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Deseret News
Utah Jazz guard Grayson Allen (24) dribbles to the hoop with the ball while guarded by Cleveland Cavaliers guard Cameron Payne (3) during the second half of the game at the Vivint Smart Home Arena in Salt Lake City on Friday, Jan. 18, 2019.

SALT LAKE CITY — Grayson Allen's cell phone is flooded with constant calls, text messages and notifications on a regular basis.

But no matter how busy he may be, the Utah Jazz rookie certainly finds time to respond when his phone rings — or vibrates — from the man simply known as Coach K.

“We’ve called or texted around big milestones,” Allen said of his Duke coach Mike Krzyzewski.

Throughout the offseason, preseason, regular season and most recently after New Year’s, Krzyzewski still finds time to check in with his former player despite coaching the No. 1 college basketball program in the nation.

“I text with Grayson quite a bit, my family does,” Krzyzewski told the Deseret News. “Grayson’s part of our family.”

Allen’s playing time has increased lately with the absence of Jazz guards Raul Neto (groin strain), Ricky Rubio (hamstring strain) and Dante Exum (ankle sprain). He put up seven points with three assists in 24 minutes of Utah’s 115-99 win versus Cleveland on Friday night.

" You’re lucky to be there. You’re fortunate to be in the NBA. Learn your craft. That’s what we say, and that combination of doing both is good for you. You can’t just sit and watch. "
Duke coach Mike Krzyzewski, to Grayson Allen

After missing nine games with a right ankle sprain he suffered while on assignment with the Salt Lake City Stars of the G League, Allen has returned to average seven points and two assists in 18.1 minutes these last four contests.

Utah is riding a season-high six-game win streak and Allen has contributed in four of those while still accepting the challenge of becoming a better defender.

“What Grayson’s done in the G League, (Stars coach) Martin Schiller and his staff deserve a lot of credit,” said Jazz coach Quin Snyder. “He made a commitment to defending and now he comes back, and he’s going to keep getting better defensively, but it allows him to take your conscious mind and put it somewhere else.”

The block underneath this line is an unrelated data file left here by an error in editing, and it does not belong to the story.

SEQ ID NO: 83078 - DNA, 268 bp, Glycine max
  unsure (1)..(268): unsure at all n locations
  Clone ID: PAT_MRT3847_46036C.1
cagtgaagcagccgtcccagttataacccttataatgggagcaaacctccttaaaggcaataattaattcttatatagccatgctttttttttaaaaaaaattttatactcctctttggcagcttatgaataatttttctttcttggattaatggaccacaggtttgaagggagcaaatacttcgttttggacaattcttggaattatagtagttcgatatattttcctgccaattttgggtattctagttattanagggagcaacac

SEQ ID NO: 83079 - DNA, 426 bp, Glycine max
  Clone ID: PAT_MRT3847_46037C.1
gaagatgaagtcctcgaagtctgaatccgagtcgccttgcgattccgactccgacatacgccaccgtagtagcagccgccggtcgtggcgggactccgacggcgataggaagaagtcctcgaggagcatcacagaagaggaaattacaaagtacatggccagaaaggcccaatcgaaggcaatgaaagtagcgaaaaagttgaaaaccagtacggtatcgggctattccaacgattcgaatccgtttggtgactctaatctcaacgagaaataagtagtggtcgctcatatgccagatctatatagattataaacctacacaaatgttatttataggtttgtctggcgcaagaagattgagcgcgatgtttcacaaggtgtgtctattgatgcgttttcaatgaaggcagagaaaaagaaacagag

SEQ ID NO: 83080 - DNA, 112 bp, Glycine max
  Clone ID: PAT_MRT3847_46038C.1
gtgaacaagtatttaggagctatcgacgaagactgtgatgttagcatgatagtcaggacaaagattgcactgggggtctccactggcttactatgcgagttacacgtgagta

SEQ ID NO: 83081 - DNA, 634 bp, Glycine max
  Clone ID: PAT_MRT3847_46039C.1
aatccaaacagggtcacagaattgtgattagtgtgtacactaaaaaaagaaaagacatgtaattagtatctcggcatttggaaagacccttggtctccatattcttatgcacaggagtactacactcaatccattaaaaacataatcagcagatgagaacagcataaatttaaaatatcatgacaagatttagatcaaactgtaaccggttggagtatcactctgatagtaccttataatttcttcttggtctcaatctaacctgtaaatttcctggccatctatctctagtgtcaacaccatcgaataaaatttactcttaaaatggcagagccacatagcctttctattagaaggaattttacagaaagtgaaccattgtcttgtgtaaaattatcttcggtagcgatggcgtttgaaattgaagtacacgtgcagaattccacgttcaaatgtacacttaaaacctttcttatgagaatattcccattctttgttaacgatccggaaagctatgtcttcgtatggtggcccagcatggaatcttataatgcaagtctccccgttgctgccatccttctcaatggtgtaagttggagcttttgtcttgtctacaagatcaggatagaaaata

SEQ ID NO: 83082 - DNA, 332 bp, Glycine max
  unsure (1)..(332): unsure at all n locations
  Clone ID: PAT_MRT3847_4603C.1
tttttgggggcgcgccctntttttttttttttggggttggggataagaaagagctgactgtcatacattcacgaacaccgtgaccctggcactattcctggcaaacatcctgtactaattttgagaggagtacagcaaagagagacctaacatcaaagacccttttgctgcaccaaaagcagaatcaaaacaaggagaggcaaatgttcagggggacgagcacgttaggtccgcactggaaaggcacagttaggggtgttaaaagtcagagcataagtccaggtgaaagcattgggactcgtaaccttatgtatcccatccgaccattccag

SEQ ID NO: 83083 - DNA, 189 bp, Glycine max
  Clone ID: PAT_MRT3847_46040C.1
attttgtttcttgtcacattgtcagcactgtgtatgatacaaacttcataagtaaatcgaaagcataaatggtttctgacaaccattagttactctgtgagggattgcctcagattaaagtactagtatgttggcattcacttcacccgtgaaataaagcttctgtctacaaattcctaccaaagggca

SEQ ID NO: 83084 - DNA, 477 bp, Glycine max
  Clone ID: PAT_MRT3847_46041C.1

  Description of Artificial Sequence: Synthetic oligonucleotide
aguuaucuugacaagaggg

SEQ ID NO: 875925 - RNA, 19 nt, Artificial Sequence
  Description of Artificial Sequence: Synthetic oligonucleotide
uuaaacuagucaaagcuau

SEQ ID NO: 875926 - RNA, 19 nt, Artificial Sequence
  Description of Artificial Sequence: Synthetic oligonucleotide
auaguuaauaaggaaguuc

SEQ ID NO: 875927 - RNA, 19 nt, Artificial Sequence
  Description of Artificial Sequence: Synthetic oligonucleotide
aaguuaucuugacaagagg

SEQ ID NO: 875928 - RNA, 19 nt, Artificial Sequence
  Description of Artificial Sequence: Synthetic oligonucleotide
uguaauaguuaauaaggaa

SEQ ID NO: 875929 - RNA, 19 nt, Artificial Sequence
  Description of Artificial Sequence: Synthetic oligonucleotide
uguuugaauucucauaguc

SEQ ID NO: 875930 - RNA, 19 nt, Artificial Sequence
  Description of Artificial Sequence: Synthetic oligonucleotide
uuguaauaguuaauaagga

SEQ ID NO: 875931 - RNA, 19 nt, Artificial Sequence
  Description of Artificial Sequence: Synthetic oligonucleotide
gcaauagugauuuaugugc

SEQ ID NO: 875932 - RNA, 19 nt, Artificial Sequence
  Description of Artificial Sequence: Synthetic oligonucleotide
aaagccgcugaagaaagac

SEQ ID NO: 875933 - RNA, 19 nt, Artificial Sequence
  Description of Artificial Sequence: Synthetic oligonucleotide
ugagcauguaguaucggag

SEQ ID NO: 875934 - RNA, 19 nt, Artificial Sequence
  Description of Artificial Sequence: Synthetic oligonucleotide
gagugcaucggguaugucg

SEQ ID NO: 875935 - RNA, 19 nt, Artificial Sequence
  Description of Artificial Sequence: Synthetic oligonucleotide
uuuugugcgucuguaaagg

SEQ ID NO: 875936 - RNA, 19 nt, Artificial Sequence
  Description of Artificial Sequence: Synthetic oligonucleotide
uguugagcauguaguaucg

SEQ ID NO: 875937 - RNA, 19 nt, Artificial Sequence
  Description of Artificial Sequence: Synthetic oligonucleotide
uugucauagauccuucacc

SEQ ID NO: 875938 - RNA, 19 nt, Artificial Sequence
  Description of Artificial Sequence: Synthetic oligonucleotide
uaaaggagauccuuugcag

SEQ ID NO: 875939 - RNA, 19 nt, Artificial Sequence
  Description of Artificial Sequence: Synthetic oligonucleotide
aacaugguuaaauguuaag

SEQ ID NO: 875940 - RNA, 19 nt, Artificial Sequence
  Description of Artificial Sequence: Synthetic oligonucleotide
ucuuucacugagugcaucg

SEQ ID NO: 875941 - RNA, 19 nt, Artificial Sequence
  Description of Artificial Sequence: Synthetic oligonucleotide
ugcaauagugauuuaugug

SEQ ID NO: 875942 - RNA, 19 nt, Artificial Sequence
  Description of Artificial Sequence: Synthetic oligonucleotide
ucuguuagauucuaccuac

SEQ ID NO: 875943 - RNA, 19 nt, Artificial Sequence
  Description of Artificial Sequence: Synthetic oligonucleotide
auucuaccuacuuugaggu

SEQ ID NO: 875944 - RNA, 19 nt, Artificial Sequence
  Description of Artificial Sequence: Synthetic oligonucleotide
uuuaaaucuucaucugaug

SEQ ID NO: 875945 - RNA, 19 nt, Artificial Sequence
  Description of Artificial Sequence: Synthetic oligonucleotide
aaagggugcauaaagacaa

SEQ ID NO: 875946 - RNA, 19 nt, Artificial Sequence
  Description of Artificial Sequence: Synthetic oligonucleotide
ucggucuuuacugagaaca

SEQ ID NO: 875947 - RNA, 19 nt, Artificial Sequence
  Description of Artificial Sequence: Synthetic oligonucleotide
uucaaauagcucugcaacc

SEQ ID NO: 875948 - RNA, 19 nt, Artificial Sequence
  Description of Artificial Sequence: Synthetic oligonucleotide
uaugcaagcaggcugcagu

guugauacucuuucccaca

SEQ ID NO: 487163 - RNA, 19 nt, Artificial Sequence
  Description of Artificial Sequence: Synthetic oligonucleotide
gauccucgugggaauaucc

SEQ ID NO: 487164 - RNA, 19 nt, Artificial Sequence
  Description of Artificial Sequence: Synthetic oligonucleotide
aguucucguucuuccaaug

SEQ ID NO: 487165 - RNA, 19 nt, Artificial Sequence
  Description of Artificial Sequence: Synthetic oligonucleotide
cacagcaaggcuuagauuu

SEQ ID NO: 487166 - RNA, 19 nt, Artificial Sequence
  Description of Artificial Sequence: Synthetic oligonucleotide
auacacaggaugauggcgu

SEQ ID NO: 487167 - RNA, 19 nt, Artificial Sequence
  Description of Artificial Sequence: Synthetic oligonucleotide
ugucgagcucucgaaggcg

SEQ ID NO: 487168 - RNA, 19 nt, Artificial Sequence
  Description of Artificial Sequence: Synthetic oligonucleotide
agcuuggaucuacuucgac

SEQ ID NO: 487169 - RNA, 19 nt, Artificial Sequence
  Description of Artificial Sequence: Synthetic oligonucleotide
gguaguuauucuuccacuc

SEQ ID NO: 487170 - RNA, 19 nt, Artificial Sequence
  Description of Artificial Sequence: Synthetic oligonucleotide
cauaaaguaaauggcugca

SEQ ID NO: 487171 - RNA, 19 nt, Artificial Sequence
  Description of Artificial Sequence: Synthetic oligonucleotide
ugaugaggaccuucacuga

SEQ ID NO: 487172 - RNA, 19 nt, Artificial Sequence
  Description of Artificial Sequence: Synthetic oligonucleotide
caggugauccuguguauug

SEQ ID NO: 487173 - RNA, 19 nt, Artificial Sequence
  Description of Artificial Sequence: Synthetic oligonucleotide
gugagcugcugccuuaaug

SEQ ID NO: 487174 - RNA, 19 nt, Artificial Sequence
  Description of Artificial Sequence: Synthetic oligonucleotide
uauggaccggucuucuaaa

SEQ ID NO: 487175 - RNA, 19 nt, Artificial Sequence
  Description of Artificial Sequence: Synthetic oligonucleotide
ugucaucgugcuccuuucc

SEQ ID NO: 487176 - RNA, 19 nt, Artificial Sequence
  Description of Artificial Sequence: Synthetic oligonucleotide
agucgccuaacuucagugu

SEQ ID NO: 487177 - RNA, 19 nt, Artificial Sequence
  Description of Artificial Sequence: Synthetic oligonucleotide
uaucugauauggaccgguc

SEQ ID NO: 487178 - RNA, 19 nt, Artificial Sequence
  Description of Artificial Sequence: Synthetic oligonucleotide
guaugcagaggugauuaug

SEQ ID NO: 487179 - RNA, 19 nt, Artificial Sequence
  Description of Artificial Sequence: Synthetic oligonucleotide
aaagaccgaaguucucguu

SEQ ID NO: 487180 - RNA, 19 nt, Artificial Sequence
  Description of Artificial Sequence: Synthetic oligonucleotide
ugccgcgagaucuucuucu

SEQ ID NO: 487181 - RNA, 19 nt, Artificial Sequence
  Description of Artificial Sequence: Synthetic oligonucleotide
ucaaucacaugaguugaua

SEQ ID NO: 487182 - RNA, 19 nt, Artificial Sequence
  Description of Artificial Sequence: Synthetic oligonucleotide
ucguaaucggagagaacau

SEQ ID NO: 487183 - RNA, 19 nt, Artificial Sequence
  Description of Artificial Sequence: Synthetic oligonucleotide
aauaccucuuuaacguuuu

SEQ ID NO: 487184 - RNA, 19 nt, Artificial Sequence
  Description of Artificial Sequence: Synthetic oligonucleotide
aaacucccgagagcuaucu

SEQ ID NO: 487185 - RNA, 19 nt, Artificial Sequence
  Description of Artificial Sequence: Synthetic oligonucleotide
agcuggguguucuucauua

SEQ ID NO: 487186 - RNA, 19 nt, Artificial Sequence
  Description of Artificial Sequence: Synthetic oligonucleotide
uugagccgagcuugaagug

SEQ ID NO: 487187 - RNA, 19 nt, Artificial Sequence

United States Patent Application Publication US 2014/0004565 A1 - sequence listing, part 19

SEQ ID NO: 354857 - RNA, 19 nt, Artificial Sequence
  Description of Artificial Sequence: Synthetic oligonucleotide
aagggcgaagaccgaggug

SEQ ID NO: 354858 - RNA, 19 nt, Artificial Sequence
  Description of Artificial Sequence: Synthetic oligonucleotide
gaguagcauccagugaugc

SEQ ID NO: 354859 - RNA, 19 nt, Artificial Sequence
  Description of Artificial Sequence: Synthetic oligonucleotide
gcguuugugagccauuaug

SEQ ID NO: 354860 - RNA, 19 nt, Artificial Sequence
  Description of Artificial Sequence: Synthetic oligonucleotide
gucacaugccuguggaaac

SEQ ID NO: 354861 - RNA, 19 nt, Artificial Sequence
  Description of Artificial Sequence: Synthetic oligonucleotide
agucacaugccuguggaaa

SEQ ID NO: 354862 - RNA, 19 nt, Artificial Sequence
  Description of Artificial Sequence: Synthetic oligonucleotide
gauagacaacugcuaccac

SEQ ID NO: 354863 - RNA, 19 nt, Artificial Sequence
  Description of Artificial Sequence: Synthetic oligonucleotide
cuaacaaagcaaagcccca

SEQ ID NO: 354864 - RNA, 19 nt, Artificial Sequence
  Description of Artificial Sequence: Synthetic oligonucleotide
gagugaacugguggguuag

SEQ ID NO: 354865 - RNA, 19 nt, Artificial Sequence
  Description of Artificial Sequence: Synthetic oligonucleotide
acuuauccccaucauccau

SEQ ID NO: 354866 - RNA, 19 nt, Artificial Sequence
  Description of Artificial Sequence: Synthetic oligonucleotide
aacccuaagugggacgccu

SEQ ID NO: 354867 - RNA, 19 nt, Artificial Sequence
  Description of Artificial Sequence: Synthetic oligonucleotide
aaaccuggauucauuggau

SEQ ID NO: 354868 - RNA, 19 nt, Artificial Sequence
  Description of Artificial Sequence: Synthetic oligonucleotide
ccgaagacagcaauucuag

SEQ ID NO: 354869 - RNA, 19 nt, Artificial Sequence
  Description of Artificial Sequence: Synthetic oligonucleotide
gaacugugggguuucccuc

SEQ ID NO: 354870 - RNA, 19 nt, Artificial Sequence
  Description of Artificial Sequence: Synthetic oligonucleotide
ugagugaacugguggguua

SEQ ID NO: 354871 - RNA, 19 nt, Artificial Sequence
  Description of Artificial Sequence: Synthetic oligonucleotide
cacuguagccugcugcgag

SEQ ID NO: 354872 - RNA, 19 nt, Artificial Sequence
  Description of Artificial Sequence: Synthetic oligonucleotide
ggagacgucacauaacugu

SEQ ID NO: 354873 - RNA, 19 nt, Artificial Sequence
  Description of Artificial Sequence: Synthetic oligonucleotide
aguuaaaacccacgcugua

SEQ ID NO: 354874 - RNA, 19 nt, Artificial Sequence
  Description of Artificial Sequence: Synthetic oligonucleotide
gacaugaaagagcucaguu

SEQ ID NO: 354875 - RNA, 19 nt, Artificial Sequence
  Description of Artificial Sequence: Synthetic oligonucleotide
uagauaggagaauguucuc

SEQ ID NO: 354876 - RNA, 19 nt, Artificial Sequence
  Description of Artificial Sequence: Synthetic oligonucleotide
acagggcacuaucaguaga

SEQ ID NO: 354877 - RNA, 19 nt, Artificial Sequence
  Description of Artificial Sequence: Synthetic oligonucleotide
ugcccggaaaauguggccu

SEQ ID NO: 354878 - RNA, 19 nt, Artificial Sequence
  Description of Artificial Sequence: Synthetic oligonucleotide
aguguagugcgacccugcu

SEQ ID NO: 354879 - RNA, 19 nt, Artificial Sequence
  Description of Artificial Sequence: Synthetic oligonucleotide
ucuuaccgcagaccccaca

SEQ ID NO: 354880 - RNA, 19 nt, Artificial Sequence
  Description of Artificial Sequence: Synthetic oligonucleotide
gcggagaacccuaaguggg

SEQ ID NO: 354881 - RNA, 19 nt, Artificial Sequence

Krzyzewski understands the challenges that the 23-year-old Allen is facing while finding his way at the next level after coaching numerous pros such as Kyrie Irving, Jayson Tatum, J.J. Redick and Brandon Ingram, to name a few.

It’s that Duke brotherhood throughout the league — including on the Jazz’s coaching staff with Snyder and assistant Antonio Lang — that has benefitted Allen tremendously.

Duke coach Mike Krzyzewski directs his team against Wake Forest during the first half of an NCAA college basketball game in Winston-Salem, N.C., Tuesday, Jan. 8, 2019. (AP Photo/Chuck Burton)

“I thought it was so opportunistic for Grayson (to get drafted by Utah). First of all, the fans in Utah, the franchise there, it’s family-owned,” Krzyzewski said. “It’s more like a collegiate setting.

“The whole community is behind the team so for any player to be in that environment is so good, and for me to know that Grayson has that guidance, that Quin will bring him along in the way he needs to be brought along,” he continued. “It’s an adjustment and the fact of playing in the G League, being on the parent team, and getting playing time, learning… this is a heck of a year for Grayson and thank God it’s monitored so closely by a great franchise.”

In addition to his time with the Jazz, Allen has appeared in six games with the Stars on seven assignments in the G League. His season averages with the Jazz are a modest 4.6 points and 0.7 assists in 11.3 minutes, but he’s putting up 15.7 points, 2.8 rebounds and two assists in 30.6 minutes per game with the Stars and hasn’t approached it with a negative mindset.

“Fortunately, I haven’t viewed anything as a tough time yet so I think I’ve been kind of lucky from that standpoint, but it’s very encouraging to just have that and just to have a reminder there (from Coach K),” Allen said.

Utah selected Allen with the 21st overall pick in the 2018 NBA Draft after a stellar four-year career at Duke. Allen won an NCAA title in 2015 and received First-Team All-ACC honors with the Blue Devils. Even as an NBA rookie, he still follows the program closely and always looks forward to those calls or texts from Coach K.

“I’m very lucky to be in a place where you can travel and spend a lot of time in your hotel room alone, but I never feel alone. I never feel like I’m alone on this journey,” Allen said of the Duke connection. “I always have someone reaching out, wishing me good luck and telling me to keep my head up or just something. So it’s very encouraging and very comforting to have that.”

So even as he finds his role in Salt Lake City, Krzyzewski’s advice is never simply for Allen to keep his head up, even when he’s not playing. It’s more so that he’s fortunate to be in this situation while fulfilling his lifelong dream.

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“You’re lucky to be there. You’re fortunate to be in the NBA,” Krzyzewski says to Allen. “Learn your craft. That’s what we say, and that combination of doing both is good for you. You can’t just sit and watch.

“The opportunity to play in the G League is a great one,” he continued. “Throughout the league, the starting backcourt for the Spurs are two of the guys from the G League, so that doesn’t mean you’re negative, that you can’t do it, it means you can do it but just stay in there and be really positive all the time, which I think he is.”